We just rode the Yamaha FZ25 and came back pretty impressed by the motorcycle. But how does it stack up against the new KTM quarter-litre, i.e. the Duke 250? Here’s a tech-spec and feature comparo which will help you understand both the motorcycles better. Before we talk about specific details, here is the complete tech-spec comparo sheet:
|Specifications||Yamaha FZ25||KTM 250 Duke|
|Type||Single-Cylinder, 4-stroke, SOHC, Air Cooled||Single-cylinder, 4-stroke, DOHC, Liquid-cooled|
|Bore x Stroke||74.0 x 58.0 mm||72.0 x 61.1 mm|
|Maximum Power||20.9 PS @ 8000 rpm||30PS @ 9,000rpm|
|Maximum Torque||20 Nm @ 6000 rpm||24Nm @ 7,500rpm|
|Transmission||5 Speed||6 Speed|
|Clutch||Wet, Multi disc||PASC antihopping clutch, mechanically operated|
|Kerb Mass||148 kg||161 kg|
|Fuel Tank Capacity||14 litre||13.5 litre|
|Brakes and Tyres|
|Front Brake||282 mm Single Disc||300mm Single Disc|
|Rear Brake||220 mm Single Disc||230mm Single Disc|
|Front Tyre||100/80-17M/C Tubeless||110/70×17 Tubeless|
|Rear Tyre||140/70-17M/C Tubeless||150/60×17 Tubeless|
|Price (Ex-showroom Delhi)||INR 119,500||Rs 173,000|
KTM’s India range was recently joined by the new 2017 250 Duke which came as bit of a surprise. The motorcycle was primarily introduced to bridge the huge price and performance gap between the 200 Duke and the 390 Duke. The motorcycle gets a 1290 SuperDuke inspired design which is also seen on the new 2017 390 Duke. The 250 Duke, however, unlike almost all other 2017 KTM models, does not boast a full LED headlight. The only other 2017 model from the Duke range of motorcycles which misses out on a full LED headlight is the 200 Duke. The Austrian quarter-litre also misses out on the new TFT display which is seen on the 390 Duke and ABS.
The 250 Duke does feature LED pilot lamps and benefits from a PASC antihopping clutch, or a slipper clutch. This one is a sharp motorcycle, not only by looks but also in terms of handling. The motorcycle has a shorter wheelbase than the 200 Duke which makes it more agile and changing directions is relatively effortless. The suspension setting too is tuned to be softer and more pliant. The new, well padded seat also aids comfort greatly. The engine isn’t as heady as the 200 Duke and this one here is relatively calm in nature with a meatier mid-range.
Similar to other KTM Duke series of motorcycles, the quarter-litre model too is loaded with premium hardware such as the upside down forks upfront, a potent 300mm disc and a steel trellis frame. The engine is pretty powerful too for the segment, delivering 30 PS of power at 9,000 rpm and 24 Nm of torque at 7,500 rotations.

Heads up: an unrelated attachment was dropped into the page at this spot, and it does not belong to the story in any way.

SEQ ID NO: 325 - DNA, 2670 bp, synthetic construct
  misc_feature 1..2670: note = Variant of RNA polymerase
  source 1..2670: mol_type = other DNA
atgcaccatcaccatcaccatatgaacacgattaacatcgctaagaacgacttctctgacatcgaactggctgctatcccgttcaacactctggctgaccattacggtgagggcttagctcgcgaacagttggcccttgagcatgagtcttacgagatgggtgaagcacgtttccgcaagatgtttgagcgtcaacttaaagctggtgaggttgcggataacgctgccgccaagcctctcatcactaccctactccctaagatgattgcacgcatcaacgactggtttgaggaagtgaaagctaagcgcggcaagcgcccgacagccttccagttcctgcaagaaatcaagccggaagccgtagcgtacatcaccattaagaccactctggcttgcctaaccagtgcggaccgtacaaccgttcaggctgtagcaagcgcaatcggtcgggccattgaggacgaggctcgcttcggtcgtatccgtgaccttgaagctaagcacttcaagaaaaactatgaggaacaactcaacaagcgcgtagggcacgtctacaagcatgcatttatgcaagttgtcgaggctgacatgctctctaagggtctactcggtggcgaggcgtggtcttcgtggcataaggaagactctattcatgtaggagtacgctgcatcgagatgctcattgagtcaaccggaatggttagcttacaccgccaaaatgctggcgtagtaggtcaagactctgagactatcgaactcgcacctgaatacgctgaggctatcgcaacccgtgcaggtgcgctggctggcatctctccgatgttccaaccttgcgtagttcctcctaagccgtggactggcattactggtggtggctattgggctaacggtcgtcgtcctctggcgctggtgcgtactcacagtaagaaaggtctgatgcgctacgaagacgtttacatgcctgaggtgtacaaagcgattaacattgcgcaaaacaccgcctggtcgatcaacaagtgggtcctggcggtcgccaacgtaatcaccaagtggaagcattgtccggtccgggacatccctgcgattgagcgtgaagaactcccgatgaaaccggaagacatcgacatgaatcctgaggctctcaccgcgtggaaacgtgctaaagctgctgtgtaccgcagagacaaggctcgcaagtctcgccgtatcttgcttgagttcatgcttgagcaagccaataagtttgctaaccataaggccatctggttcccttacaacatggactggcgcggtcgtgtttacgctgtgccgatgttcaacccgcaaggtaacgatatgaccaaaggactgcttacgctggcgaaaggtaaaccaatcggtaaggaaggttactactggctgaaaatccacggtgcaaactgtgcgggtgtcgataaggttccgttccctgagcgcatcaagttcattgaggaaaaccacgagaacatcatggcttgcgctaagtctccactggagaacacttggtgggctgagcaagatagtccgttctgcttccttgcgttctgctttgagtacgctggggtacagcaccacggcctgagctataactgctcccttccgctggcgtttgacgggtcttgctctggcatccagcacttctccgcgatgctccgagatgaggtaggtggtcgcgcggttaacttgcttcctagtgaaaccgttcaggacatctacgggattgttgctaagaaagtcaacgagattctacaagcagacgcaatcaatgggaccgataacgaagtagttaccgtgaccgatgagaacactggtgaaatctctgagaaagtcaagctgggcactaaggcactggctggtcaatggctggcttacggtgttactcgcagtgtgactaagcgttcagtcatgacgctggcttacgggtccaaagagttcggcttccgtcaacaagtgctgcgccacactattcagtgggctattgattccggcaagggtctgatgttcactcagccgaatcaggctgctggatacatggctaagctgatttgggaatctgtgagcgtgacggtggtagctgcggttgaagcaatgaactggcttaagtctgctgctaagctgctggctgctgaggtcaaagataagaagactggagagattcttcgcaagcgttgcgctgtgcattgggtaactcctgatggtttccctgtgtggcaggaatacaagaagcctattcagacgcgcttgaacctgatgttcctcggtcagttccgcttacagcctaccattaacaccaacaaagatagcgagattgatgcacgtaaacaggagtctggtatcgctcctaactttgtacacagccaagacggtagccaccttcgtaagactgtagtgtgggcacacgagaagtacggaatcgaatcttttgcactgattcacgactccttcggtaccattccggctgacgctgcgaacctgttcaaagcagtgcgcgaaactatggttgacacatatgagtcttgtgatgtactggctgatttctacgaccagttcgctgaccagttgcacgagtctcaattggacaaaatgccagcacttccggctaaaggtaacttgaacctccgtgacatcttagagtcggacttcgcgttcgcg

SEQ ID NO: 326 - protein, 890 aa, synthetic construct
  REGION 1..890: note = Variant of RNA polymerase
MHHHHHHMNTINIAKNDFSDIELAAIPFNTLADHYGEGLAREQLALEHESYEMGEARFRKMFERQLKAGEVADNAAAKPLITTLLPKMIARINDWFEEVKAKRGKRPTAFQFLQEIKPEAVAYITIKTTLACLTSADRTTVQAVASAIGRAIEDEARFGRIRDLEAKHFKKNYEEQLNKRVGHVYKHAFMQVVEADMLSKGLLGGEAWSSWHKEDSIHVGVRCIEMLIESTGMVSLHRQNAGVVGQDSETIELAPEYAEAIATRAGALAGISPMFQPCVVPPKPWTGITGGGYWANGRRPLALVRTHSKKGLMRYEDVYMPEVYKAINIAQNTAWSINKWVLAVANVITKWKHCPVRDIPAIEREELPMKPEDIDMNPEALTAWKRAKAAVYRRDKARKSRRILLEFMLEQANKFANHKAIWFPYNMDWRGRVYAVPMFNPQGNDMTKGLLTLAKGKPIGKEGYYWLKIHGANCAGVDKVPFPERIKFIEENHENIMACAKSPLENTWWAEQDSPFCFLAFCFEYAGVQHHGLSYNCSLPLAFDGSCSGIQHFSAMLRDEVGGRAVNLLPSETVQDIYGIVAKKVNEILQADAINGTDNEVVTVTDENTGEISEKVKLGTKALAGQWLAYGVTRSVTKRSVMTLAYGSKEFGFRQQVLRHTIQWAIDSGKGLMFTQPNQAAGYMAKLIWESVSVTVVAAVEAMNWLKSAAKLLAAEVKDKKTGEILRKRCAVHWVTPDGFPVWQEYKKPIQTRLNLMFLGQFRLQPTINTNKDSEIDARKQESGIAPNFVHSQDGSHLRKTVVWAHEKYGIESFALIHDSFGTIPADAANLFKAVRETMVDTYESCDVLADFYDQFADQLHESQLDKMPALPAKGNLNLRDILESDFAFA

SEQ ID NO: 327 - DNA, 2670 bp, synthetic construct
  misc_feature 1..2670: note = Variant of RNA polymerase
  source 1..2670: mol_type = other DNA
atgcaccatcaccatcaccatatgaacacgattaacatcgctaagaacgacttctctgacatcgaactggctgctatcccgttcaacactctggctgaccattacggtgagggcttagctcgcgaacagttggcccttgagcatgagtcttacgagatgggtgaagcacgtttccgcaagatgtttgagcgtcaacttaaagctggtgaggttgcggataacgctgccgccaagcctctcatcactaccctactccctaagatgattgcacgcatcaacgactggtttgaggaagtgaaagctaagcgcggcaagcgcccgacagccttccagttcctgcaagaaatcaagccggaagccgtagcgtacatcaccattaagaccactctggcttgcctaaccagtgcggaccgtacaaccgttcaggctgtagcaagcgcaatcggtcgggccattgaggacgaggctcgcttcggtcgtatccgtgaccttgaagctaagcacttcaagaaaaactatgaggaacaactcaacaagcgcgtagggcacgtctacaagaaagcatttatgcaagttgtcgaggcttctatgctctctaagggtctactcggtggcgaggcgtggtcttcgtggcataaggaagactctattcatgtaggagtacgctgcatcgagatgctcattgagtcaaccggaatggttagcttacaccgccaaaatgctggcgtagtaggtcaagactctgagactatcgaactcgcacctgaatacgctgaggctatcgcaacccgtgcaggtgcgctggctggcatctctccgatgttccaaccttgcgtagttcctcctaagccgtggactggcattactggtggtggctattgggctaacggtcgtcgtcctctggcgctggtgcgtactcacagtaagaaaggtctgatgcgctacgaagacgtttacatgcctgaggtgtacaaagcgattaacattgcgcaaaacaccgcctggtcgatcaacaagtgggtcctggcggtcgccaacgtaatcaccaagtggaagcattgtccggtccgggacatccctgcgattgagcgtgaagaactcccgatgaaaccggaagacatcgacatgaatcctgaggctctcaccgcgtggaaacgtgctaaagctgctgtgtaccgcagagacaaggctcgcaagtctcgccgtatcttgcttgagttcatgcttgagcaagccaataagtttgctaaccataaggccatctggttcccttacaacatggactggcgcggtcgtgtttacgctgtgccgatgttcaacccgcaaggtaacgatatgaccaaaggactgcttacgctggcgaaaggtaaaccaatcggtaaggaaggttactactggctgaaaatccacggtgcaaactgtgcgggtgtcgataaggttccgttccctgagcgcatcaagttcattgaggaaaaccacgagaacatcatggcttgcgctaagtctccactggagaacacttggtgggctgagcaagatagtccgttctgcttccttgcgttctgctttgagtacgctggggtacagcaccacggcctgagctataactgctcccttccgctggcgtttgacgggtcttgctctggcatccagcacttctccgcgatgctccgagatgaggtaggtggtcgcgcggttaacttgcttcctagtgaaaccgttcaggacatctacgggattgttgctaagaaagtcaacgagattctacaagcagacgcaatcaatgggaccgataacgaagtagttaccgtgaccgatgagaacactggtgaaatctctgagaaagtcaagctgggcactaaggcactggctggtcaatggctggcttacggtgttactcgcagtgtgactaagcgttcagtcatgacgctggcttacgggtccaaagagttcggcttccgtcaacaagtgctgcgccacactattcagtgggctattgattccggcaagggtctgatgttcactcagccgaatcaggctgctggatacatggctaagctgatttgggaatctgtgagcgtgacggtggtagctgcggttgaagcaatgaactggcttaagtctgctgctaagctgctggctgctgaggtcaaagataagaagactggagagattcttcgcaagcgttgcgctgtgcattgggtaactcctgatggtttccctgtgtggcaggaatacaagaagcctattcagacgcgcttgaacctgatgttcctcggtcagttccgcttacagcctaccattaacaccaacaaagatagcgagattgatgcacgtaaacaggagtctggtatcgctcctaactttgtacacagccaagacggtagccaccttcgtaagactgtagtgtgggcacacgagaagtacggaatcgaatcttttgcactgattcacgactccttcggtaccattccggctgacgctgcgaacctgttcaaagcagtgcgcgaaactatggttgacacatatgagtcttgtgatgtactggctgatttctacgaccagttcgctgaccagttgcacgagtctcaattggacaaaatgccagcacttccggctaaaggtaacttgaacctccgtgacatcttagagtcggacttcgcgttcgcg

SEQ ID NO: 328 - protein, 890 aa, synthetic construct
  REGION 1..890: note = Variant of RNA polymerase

On the downside, at 161 kg (kerb), the KTM tips the weighing scale on the higher side, especially against its direct rival, the FZ25. The FZ25 also scores brownie point for the full-LED headlight with all time running function. The Yamaha is the third motorcycle to enter the sub-500cc segment with a LED headlight setup after the Bajaj Dominar and the KTM 390 Duke.
Don’t Miss – New Yamaha FZ25 Review: Sinewy Sonnet
The FZ25, on paper, lags in terms of performance numbers but the relatively lighter bodyweight helps it perform well. So while the 249cc single-cylinder, 4-stroke, SOHC, Air Cooled engine puts out 20.9 PS of power at 8000 rpm and 20 Nm of torque at 6000 revs against the KTM’s 30 PS and 24Nm, the motorcycle with the three tuning forks logo still manages to clock almost the same speedometer indicated top speed as the 250 Duke. Both motorcycles feature a massive 46T rear sprocket which endows them with great acceleration off the line. The Yamaha, however, despite a relatively lesser power and torque output, is almost as quick as the KTM. The suspension setup on the Yamaha is tuned for better undulation absorption than the KTM which is a tad more oriented towards cornering.
Visually, for us, the KTM scores well with its minimalist approach towards the design, revealing its mechanical bits and that bolted steel-trellis frame. It brings the big 1290 SuperDuke design in a more accessible segment which is a massive USP for the motorcycle. The Yamaha, on the other hand, has too many thing going around the design which is a bit too flashy for our taste but we’re sure it’d get the same reception as the first and second generation FZ series motorcycles which have been around for over nine years now. The Yamaha does not pack a feature rich spec sheet. So you’d notice a few price saving bits such as the conventional front forks, non-LED blinkers, absence of slipper clutch and relatively smaller front disc brake. The lack of features, however, does help the Yamaha. How?
The relatively conventional hardware has helped Yamaha price the FZ25 at a highly competitive tag of INR 119,000 (ex-showroom Delhi). The KTM, on the other hand, has been priced at INR 172,000 (ex-showroom Delhi). For the premium price, you get one of the most well built motorcycles in the sub-500cc space, a premium list of hardware such as the upside down forks, a really potent braking system and a slipper clutch. But for that difference, you’d still be going at the same speed, accelerating at the same pace and, with the absence of any fairing or windscreen, probably cruising at the same speed.
So who is the Lord of the quarter-litre single cylinder space? To be honest, they are so different and unique in their own ways that we really could not select one winner. Folks who are relatively held back on budget can opt for the Yamaha. It has the pace and the acceleration that’d keep the rider involved and entertained. The addition of LED headlights gives it an upper hand but the lack of premium hardware is a bit of a turn down. The KTM, on the other hand, looks like a proper hooligan, and it can do all the things that you’d throw at it and if budget is not a constraint, this one is definitely worth considering.